Coalition review – fine words, but any parsnips buttered?

clegg cameron rose gardenDavid Cameron and Nick Clegg have just presented their mid-term coalition review. You can read the full document here. As a taster, here are the ending words of the foreword:

Today, at the half-way point in this Parliament, we are taking stock of the progress we have made in implementing the Coalition Agreement that we signed in May 2010. But we are also initiating a new set of reforms, building on those already under way, to secure our country’s future and help people realise their ambitions.
We will support working families with their childcare costs. We will build more houses and make the dream of home ownership a reality for more people. We will set out plans for long-term investment in Britain’s transport infrastructure. We will set out two big reforms to provide dignity in old age: an improved state pension that rewards saving, and more help with the costs of long-term care. And as we take these steps to reshape the British state for the 21st century, we will take further steps to limit its scope and extend our freedoms. We will be making announcements about each of these policy initiatives in due course.

Our mission is clear: to get Britain living within its means and earning its way in the world once again.

Our approach is consistent: to help hardworking families get by and get on, so that everyone can reach their full potential.

And our resolve is unwavering: we will continue to put political partisanship to one side to govern in the long-term interests of the country.

* Paul Walter is a Liberal Democrat activist. As part of the Liberal Democrat Voice team he helps with photos and moderation on the site, as well as occsionally contributing articles. He blogs at Liberal Burblings.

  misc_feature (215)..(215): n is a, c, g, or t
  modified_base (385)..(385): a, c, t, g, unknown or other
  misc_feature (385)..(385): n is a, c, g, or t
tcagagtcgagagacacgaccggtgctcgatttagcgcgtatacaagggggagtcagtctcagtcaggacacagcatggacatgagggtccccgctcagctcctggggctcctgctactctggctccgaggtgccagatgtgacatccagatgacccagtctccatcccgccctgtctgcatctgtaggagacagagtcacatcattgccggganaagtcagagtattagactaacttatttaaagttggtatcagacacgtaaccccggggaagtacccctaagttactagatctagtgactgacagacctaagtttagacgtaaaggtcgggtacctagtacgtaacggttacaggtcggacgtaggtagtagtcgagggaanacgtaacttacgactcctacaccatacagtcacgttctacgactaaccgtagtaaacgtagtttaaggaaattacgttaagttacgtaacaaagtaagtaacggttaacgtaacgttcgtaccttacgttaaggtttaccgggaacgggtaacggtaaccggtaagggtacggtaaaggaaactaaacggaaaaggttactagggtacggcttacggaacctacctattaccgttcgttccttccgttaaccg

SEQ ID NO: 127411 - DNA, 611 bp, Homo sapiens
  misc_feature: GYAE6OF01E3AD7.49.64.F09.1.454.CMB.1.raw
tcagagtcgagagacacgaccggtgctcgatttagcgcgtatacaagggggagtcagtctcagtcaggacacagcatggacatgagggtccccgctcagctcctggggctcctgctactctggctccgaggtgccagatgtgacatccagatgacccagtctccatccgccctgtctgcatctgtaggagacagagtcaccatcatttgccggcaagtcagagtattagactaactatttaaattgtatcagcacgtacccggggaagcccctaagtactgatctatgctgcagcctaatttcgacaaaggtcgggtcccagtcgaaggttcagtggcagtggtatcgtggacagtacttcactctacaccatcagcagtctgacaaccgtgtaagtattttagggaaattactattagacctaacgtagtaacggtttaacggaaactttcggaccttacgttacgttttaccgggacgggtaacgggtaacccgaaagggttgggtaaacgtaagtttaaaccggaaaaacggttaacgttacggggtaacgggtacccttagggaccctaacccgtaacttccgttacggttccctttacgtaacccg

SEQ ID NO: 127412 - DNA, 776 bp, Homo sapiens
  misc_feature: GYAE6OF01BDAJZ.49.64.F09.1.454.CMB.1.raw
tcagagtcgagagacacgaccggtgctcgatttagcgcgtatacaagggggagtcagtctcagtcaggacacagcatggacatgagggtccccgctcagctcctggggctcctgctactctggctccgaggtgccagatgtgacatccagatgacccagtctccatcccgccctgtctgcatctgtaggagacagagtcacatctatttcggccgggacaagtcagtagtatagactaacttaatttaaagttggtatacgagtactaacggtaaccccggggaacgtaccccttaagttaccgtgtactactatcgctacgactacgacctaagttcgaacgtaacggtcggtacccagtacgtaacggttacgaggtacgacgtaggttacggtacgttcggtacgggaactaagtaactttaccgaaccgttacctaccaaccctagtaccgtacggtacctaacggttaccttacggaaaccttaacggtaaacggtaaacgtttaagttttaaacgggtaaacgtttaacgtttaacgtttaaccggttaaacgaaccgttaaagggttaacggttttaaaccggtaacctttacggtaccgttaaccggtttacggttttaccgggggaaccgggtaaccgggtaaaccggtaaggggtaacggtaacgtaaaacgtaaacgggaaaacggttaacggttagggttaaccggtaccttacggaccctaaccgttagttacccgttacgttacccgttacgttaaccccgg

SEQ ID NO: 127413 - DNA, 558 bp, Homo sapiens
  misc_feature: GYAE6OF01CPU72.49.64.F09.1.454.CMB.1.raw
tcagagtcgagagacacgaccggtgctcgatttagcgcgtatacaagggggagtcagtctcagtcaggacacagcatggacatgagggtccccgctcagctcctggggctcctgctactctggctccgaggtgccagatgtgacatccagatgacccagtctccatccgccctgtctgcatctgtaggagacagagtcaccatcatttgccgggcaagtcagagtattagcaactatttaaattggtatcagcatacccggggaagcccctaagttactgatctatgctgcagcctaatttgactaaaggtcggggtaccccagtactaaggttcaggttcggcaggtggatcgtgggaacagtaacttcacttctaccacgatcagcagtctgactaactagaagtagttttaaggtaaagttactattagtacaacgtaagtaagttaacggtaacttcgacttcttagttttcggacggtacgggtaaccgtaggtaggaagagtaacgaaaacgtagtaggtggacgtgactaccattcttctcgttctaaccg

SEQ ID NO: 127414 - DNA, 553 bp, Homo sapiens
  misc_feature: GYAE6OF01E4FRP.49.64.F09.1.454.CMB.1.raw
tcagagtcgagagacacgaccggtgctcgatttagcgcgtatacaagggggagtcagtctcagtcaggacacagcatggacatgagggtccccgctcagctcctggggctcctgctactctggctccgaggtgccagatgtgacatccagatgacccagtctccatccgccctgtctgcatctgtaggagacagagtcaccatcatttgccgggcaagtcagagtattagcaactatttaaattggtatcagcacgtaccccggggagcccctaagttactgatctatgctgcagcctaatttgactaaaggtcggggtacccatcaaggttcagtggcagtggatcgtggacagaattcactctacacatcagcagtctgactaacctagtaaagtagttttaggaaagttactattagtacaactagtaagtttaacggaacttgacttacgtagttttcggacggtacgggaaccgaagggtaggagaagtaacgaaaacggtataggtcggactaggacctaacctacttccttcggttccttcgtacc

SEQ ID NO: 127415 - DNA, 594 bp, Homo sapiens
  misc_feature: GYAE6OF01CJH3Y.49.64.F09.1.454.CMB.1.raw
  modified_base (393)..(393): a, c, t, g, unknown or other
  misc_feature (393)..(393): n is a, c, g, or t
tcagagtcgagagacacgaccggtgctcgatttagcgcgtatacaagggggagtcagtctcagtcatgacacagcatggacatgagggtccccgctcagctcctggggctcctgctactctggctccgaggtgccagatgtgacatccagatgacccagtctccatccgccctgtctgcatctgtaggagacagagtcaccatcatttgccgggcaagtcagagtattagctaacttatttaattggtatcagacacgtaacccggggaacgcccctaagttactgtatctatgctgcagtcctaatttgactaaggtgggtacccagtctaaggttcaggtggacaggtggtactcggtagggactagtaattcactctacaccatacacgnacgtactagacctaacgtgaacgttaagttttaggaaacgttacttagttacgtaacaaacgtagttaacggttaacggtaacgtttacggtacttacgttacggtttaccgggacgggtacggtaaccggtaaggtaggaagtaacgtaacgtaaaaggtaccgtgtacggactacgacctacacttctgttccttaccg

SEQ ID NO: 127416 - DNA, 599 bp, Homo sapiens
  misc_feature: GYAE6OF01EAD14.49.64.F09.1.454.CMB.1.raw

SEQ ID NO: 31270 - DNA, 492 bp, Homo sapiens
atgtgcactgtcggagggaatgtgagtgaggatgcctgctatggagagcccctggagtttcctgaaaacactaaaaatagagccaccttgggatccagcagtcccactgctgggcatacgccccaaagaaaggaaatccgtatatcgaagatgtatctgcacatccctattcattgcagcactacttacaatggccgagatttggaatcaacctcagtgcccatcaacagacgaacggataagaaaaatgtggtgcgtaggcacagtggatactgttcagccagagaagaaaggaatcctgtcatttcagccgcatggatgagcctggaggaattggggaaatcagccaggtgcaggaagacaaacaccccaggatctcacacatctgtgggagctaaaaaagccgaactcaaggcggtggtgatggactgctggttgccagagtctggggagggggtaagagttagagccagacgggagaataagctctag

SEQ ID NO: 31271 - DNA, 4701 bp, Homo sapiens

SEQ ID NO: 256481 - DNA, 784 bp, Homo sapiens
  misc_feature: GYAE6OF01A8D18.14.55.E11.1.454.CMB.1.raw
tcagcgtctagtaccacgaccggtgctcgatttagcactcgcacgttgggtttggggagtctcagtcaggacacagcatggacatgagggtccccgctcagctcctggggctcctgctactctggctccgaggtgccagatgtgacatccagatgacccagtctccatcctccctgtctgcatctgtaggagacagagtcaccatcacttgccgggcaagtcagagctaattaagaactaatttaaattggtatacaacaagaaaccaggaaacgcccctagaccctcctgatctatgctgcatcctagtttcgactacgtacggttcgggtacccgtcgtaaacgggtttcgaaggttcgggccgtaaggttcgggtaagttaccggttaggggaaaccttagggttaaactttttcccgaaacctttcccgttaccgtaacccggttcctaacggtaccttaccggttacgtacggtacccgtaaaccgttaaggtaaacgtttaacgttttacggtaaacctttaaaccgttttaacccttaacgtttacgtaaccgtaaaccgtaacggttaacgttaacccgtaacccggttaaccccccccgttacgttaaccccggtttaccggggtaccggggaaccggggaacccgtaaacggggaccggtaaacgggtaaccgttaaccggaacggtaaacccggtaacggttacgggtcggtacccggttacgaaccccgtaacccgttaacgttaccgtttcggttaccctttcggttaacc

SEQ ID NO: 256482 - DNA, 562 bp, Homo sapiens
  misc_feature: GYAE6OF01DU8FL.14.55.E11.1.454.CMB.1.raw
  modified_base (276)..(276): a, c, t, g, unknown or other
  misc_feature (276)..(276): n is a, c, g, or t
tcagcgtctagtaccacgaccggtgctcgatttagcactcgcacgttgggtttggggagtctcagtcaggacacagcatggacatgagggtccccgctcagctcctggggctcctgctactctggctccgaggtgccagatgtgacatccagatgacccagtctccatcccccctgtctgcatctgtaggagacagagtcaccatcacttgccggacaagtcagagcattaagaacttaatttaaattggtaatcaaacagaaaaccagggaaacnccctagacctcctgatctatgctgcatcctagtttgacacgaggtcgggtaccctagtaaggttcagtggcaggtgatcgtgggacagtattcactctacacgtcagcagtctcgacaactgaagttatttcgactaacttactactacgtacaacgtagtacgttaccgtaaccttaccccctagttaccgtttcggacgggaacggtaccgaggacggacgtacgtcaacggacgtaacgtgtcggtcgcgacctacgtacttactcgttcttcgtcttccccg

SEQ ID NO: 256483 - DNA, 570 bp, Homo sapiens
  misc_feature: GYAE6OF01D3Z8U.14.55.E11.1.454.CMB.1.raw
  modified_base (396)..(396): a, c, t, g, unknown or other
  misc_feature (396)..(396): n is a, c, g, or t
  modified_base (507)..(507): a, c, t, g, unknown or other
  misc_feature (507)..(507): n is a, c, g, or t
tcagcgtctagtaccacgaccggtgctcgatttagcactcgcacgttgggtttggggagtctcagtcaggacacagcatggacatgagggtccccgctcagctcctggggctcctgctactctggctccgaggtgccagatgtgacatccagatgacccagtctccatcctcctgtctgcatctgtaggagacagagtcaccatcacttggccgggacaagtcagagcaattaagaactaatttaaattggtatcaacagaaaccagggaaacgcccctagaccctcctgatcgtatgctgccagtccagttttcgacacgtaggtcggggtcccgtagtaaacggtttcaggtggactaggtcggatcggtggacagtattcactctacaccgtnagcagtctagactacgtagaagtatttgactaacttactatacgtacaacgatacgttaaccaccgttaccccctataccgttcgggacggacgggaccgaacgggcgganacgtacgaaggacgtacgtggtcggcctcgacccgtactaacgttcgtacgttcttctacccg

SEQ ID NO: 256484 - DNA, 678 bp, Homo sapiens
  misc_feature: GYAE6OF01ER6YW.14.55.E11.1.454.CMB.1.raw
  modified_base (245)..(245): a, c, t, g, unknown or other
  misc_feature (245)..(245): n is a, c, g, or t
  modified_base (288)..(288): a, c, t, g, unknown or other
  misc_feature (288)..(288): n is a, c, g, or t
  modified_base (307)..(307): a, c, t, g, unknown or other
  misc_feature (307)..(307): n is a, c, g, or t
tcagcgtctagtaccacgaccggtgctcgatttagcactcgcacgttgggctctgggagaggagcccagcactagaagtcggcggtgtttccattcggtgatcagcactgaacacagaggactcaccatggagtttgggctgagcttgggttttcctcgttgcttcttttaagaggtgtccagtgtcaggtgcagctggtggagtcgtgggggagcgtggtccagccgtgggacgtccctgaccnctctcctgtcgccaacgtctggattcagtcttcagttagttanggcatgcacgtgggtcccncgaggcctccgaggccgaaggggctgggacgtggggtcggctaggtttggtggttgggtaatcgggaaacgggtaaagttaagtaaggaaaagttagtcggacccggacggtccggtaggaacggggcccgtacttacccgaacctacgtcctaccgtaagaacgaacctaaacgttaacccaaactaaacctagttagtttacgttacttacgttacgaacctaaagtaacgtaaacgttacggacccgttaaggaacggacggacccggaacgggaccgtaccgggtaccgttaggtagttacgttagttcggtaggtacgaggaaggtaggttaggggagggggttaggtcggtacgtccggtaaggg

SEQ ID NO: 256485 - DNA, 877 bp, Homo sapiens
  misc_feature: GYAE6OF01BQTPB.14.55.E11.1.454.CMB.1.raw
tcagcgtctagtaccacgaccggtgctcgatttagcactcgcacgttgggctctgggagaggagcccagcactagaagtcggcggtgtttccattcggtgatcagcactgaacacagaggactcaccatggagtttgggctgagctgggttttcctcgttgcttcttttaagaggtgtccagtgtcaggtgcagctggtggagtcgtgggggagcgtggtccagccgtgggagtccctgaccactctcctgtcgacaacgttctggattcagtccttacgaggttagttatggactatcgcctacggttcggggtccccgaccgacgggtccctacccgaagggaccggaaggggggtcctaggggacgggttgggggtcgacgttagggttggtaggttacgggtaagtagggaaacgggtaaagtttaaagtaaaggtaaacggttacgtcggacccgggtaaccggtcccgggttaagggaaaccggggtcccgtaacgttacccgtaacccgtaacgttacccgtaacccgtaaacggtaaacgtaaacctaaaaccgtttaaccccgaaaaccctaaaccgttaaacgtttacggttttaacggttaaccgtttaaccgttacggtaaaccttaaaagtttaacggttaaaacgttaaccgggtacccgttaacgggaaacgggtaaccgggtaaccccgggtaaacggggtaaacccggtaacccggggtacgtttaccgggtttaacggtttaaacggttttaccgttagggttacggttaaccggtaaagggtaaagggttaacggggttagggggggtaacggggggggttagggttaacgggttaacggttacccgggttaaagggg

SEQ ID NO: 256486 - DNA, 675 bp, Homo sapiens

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10 Comments

  • Tony Dawson 7th Jan '13 - 3:34pm

    This is quite a long document and will take some time to assimilate.

    I wonder (a) who REALLY wrote it and (b) who saw it in draft before it went to the printers. Did it get seen by (c) the Lib Dem Parliamentary Party? (d) The National Executive? (e) the Policy Committee? (f) Rebekah Brooks/ Wade? (g) Sam Cameron (h) Prince Charles?

  • “Today, at the half-way point in this Parliament, ”

    At the risk of having an “Unfunded mandate is two words, not one big one” moment – the half way point of this Parliament was in November.

  • “Our approach is consistent: to help hardworking families get by and get on, so that everyone can reach their full potential.”

    Thankfully at least one Lib Dem MP sees through the BS that comes from planet Cameron….

    http://www.bbc.co.uk/news/uk-politics-20936827

    Hard working families get benefits too, and not everyone without a job is a work shy scrounger I hope more join her…

  • Peter Watson 7th Jan '13 - 4:47pm

    @Hywel “the half way point of this Parliament was in November.”
    I assume that this week was chosen because it chimes with the start of a new year, turning over a new leaf, renewal, resolutions, etc., and is more about PR and news management than it is a half-time team talk.
    Though didn’t we already have a renewal of vows last year?

  • David Allen 7th Jan '13 - 5:21pm

    “didn’t we already have a renewal of vows last year?”

    Time for an eternity ring?

  • David Allen “Time for an eternity ring?”

    No.

    If you were recommending a divorce then you’d get my support but this for eternity – Eurghhh, no thanks !

  • Peter Hayes 7th Jan '13 - 6:54pm

    Motherhood and Apple pie, a total waste of press time. Ignoring the problems in the past and weasel words with no details about the. Future. Only reason I am still an active member is my local council members and MP as the alternative is a Tory.

  • Peter Hayes 7th Jan '13 - 6:55pm

    What a joke after posting the advert following it was for insolvency practitioners.

  • David Allen 7th Jan '13 - 11:25pm

    Martin B: I was failing at sarcasm, sorry. It’s my nightmare too. Seems to be coming true I’m afraid.

  • James Baker 8th Jan '13 - 3:02pm

    Er… Where were civil liberties in this mid-term review? It appears those were ditched in favour of the communications data bill and secret courts!

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